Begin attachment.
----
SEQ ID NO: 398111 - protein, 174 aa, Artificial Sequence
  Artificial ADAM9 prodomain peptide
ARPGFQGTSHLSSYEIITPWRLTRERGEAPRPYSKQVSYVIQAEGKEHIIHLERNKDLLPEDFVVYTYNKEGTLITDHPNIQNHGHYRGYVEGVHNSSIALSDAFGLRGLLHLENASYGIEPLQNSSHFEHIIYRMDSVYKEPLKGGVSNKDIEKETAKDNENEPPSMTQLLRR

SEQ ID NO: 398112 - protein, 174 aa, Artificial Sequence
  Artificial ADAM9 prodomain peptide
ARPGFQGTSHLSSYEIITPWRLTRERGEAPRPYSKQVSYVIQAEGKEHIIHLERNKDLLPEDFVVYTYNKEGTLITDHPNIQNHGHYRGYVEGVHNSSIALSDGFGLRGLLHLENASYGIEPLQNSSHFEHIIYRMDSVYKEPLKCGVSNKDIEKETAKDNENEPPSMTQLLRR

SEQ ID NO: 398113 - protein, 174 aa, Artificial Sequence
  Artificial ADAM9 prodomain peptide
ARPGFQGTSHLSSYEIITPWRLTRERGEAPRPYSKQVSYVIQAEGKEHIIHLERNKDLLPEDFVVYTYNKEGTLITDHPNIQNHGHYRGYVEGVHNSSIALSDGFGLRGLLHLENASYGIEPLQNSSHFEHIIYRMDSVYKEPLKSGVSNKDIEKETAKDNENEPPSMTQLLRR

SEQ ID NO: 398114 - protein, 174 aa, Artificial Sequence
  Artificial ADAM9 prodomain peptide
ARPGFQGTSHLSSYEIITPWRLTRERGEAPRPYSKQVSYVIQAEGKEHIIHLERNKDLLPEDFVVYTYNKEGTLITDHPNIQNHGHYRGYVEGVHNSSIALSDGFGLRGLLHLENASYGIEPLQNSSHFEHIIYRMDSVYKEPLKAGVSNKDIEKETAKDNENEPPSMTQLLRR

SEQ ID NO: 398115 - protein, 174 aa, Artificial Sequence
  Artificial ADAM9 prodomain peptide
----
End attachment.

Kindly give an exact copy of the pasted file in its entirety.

SEQ ID NO: 398111 - protein, 174 aa, Artificial Sequence
  Artificial ADAM9 prodomain peptide
ARPGFQGTSHLSSYEIITPWRLTRERGEAPRPYSKQVSYVIQAEGKEHIIHLERNKDLLPEDFVVYTYNKEGTLITDHPNIQNHGHYRGYVEGVHNSSIALSDAFGLRGLLHLENASYGIEPLQNSSHFEHIIYRMDSVYKEPLKGGVSNKDIEKETAKDNENEPPSMTQLLRR

SEQ ID NO: 398112 - protein, 174 aa, Artificial Sequence
  Artificial ADAM9 prodomain peptide
ARPGFQGTSHLSSYEIITPWRLTRERGEAPRPYSKQVSYVIQAEGKEHIIHLERNKDLLPEDFVVYTYNKEGTLITDHPNIQNHGHYRGYVEGVHNSSIALSDGFGLRGLLHLENASYGIEPLQNSSHFEHIIYRMDSVYKEPLKCGVSNKDIEKETAKDNENEPPSMTQLLRR

SEQ ID NO: 398113 - protein, 174 aa, Artificial Sequence
  Artificial ADAM9 prodomain peptide
ARPGFQGTSHLSSYEIITPWRLTRERGEAPRPYSKQVSYVIQAEGKEHIIHLERNKDLLPEDFVVYTYNKEGTLITDHPNIQNHGHYRGYVEGVHNSSIALSDGFGLRGLLHLENASYGIEPLQNSSHFEHIIYRMDSVYKEPLKSGVSNKDIEKETAKDNENEPPSMTQLLRR

SEQ ID NO: 398114 - protein, 174 aa, Artificial Sequence
  Artificial ADAM9 prodomain peptide
ARPGFQGTSHLSSYEIITPWRLTRERGEAPRPYSKQVSYVIQAEGKEHIIHLERNKDLLPEDFVVYTYNKEGTLITDHPNIQNHGHYRGYVEGVHNSSIALSDGFGLRGLLHLENASYGIEPLQNSSHFEHIIYRMDSVYKEPLKAGVSNKDIEKETAKDNENEPPSMTQLLRR

SEQ ID NO: 398115 - protein, 174 aa, Artificial Sequence
  Artificial ADAM9 prodomain peptide